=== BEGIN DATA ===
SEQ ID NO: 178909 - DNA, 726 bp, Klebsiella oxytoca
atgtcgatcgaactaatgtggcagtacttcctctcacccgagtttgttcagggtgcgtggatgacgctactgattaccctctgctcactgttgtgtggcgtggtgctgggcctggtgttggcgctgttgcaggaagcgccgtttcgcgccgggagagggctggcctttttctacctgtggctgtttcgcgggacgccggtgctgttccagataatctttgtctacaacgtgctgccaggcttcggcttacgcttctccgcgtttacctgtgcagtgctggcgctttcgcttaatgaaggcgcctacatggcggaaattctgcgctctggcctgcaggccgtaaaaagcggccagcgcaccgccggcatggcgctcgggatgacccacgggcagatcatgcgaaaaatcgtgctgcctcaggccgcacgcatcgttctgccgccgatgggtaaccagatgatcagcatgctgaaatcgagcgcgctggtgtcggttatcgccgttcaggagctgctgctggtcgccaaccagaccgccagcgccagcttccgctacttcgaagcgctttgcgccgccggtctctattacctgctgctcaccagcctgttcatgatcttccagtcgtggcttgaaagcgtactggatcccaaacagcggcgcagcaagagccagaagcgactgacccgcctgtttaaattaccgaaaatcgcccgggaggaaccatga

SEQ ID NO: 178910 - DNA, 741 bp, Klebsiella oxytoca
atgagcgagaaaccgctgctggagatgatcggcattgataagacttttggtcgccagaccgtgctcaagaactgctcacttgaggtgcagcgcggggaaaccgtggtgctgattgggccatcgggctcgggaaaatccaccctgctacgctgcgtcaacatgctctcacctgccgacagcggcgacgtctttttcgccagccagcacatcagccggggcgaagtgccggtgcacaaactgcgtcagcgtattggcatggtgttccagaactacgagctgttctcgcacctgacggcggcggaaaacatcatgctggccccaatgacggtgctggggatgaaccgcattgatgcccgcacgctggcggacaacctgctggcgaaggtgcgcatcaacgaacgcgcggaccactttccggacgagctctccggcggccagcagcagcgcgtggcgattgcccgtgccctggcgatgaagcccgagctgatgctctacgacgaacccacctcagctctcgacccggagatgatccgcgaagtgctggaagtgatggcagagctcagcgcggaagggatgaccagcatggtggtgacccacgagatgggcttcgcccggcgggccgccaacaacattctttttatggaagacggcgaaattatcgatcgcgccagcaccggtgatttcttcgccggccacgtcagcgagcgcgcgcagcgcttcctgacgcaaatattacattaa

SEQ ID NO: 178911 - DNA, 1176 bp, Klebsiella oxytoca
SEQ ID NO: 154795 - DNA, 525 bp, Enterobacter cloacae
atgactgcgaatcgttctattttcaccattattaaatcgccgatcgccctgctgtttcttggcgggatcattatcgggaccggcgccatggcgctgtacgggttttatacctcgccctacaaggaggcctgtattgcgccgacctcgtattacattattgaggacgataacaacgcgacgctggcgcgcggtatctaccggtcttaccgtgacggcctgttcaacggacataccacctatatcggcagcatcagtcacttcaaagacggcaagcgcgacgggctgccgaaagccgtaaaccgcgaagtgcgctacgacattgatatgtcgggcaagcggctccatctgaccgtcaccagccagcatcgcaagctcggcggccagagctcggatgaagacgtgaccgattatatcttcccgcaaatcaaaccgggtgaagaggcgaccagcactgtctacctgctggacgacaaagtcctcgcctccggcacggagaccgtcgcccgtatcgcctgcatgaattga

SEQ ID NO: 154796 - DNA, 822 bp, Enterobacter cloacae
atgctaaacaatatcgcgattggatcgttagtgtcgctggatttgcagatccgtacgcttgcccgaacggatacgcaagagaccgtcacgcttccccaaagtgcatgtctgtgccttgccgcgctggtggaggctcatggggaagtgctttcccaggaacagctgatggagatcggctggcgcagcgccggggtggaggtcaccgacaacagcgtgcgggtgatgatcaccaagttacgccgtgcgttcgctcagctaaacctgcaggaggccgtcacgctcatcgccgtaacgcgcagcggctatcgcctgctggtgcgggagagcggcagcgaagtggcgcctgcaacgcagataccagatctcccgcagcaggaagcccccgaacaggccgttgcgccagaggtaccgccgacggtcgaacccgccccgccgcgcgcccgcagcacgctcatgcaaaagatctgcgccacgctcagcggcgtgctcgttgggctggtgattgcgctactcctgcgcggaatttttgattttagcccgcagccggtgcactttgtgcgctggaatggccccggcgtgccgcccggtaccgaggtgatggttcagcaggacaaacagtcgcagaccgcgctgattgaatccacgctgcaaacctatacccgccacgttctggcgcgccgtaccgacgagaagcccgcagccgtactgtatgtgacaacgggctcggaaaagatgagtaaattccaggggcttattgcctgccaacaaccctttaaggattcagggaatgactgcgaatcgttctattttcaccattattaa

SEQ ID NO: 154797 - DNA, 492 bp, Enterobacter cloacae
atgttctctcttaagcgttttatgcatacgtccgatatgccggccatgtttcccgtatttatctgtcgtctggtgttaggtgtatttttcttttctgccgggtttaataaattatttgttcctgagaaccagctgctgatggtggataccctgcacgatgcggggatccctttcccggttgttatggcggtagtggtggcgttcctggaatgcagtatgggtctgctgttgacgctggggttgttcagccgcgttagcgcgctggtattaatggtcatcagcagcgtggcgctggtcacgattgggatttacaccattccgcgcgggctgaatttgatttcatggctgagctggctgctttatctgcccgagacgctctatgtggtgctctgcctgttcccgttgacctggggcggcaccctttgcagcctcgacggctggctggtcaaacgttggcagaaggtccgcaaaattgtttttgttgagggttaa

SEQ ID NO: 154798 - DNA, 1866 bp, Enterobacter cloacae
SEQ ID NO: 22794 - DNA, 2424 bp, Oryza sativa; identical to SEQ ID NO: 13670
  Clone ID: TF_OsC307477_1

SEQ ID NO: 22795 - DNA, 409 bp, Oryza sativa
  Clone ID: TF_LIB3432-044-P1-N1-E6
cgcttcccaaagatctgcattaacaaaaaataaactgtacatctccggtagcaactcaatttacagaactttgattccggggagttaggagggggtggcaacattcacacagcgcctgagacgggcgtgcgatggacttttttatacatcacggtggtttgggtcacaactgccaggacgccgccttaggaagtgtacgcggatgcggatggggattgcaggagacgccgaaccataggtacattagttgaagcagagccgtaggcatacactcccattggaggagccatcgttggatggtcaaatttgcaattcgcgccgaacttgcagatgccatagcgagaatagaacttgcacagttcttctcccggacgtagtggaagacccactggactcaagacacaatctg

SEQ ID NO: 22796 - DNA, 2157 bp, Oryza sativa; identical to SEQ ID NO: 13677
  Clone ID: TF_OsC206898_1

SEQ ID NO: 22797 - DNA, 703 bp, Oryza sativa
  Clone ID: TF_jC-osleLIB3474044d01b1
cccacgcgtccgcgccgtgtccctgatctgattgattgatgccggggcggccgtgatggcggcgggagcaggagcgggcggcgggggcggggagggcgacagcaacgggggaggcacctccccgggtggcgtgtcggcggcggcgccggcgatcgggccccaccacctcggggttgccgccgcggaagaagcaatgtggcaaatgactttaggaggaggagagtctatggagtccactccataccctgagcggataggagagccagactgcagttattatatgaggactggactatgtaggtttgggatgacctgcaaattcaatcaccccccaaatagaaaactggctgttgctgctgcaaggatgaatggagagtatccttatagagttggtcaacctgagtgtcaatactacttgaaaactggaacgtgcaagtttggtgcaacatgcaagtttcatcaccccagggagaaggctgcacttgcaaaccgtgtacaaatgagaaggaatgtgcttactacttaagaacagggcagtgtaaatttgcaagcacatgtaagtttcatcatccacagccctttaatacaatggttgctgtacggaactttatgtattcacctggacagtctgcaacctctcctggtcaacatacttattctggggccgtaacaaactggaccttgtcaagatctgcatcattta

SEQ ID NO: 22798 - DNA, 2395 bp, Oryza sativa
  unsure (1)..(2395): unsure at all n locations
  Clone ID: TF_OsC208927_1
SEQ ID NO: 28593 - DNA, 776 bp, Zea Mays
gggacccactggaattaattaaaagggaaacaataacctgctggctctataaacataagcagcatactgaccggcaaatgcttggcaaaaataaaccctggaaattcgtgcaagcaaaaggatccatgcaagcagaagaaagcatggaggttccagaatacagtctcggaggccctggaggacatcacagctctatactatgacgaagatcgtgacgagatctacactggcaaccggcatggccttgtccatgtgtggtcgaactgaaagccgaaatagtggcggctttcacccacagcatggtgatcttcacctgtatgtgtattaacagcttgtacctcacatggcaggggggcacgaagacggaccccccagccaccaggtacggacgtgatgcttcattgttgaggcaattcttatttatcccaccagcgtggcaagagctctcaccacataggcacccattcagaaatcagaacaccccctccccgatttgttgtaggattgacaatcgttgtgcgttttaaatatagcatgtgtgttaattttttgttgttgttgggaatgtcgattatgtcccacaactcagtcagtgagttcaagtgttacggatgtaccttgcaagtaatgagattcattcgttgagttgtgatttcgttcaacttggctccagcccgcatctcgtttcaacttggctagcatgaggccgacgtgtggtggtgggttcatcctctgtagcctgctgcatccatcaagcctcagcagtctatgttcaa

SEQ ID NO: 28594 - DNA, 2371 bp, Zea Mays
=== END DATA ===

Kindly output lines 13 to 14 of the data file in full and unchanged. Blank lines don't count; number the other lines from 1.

SEQ ID NO: 22794 - DNA, 2424 bp, Oryza sativa; identical to SEQ ID NO: 13670
  Clone ID: TF_OsC307477_1